A new South Carolina law that generally requires voters to show photo identification does not discriminate against racial minorities but cannot go into effect until the start of next year, a federal court ruled on Wednesday.
The U.S. District Court three-judge panel said too little time remains before the November 6 general election for state officials to implement the law this year. The decision was unanimous.
Republican governors and state lawmakers across the country have renewed the push for photo-identification requirements in the past two years.
The requirements are necessary to deter fraud, they say, although examples of in-person voter impersonation are rare. Democrats argue the laws are intended to depress turnout among groups that support them.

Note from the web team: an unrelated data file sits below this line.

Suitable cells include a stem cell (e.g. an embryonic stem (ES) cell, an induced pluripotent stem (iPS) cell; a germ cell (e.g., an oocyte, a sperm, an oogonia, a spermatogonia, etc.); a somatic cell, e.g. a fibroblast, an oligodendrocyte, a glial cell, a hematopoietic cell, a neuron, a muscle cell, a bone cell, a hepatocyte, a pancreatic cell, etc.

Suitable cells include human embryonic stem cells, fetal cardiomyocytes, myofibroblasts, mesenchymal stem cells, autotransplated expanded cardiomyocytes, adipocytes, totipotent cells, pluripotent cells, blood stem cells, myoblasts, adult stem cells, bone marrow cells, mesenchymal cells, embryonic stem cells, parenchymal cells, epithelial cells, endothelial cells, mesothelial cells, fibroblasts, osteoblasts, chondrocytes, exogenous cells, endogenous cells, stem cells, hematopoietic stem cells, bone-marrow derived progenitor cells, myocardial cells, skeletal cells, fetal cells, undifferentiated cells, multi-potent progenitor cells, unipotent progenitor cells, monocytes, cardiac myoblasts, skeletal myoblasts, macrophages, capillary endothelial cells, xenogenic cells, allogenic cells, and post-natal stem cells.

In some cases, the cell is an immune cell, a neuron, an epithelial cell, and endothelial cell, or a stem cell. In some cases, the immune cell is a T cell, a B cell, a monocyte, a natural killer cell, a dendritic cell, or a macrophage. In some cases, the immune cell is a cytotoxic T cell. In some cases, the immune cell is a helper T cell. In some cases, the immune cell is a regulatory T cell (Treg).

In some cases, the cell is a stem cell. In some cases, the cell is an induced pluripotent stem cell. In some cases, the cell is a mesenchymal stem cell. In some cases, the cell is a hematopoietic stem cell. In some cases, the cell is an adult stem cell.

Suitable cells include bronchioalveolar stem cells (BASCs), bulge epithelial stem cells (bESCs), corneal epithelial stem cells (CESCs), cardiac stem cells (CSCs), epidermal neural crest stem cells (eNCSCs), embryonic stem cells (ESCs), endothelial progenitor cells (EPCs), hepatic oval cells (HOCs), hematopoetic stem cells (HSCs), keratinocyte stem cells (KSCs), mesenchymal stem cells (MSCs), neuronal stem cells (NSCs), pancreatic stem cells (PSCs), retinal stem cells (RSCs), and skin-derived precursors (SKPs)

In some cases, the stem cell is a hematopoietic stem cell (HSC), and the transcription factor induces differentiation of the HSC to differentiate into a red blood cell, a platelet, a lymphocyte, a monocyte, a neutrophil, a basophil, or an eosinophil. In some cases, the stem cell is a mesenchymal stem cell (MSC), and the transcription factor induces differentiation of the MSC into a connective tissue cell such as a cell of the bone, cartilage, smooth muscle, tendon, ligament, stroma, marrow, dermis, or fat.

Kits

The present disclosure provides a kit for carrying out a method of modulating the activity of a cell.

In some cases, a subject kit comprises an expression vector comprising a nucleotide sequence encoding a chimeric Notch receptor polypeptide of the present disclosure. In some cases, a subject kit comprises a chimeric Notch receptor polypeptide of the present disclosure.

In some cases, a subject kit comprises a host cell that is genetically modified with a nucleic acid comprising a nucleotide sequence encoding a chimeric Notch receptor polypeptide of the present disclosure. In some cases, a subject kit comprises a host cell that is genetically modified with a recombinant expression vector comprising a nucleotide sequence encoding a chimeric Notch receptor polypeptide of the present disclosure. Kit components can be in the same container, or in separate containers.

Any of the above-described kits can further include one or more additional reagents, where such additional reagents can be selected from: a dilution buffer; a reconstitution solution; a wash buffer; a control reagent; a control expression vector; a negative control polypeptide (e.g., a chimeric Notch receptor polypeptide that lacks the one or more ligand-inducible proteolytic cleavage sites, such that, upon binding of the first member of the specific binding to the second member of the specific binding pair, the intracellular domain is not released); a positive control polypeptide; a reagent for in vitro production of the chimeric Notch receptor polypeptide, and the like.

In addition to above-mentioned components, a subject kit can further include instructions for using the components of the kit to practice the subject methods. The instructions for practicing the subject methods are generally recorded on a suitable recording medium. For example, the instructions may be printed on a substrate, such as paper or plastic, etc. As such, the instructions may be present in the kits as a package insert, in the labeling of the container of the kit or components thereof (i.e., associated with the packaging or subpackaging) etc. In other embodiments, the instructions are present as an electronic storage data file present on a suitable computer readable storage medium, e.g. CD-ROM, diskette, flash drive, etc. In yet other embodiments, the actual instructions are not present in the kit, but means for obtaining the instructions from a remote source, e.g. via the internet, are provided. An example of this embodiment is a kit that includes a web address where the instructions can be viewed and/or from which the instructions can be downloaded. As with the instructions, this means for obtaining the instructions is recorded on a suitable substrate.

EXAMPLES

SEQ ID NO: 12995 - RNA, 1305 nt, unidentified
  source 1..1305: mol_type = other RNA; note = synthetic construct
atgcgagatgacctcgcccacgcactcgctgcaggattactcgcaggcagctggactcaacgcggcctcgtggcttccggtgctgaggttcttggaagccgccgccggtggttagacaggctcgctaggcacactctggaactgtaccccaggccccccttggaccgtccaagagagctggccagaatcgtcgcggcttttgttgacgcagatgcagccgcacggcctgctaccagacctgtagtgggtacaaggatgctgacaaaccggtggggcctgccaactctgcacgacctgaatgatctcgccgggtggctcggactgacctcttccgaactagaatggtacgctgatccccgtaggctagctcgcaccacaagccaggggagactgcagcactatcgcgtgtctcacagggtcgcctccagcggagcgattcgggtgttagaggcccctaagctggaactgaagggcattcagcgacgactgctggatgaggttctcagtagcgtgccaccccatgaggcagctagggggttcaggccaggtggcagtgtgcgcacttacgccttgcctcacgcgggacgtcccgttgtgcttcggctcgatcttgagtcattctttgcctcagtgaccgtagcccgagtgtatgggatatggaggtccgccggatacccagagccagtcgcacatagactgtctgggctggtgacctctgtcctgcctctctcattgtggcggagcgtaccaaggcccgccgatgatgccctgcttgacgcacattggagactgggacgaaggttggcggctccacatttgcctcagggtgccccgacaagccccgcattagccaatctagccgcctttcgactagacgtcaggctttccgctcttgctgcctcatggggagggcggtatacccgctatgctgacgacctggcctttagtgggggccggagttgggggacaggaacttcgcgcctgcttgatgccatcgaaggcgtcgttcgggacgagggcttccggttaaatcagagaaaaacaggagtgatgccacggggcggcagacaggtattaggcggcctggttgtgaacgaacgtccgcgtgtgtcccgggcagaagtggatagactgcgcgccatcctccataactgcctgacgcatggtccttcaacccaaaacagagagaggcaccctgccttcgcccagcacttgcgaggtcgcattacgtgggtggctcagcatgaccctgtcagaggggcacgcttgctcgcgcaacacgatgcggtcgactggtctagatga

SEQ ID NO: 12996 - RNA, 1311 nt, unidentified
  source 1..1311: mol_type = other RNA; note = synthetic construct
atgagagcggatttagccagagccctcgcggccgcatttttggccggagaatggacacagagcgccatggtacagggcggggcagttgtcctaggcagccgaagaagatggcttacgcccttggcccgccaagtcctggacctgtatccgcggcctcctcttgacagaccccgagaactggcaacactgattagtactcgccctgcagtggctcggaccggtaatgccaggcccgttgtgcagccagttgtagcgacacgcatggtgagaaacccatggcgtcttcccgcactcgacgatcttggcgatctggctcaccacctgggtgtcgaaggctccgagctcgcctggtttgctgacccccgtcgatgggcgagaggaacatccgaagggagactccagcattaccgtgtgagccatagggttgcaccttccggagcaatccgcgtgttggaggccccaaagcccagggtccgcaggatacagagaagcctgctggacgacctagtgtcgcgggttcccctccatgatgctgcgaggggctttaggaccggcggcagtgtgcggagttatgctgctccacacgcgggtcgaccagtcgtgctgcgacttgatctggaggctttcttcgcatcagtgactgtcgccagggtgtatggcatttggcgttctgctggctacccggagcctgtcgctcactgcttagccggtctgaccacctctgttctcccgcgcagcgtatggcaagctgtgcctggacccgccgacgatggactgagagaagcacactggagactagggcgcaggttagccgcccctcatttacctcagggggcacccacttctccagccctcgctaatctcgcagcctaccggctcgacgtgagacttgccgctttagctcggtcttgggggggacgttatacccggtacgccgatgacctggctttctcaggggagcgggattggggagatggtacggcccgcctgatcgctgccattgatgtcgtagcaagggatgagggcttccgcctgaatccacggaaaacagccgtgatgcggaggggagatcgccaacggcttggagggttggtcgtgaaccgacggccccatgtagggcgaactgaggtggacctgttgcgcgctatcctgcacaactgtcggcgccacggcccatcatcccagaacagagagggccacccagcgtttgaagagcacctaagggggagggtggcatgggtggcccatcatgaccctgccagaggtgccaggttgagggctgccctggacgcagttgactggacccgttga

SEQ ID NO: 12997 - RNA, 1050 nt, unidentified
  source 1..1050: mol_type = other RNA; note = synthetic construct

The U.S. Justice Department opposed the South Carolina law, arguing it runs afoul of the Voting Rights Act of 1965, a landmark of the U.S. civil rights movement.
Under the law, certain jurisdictions with a history of discriminatory election laws, such as South Carolina, must submit proposed election changes to the Justice Department or to a federal court for approval.
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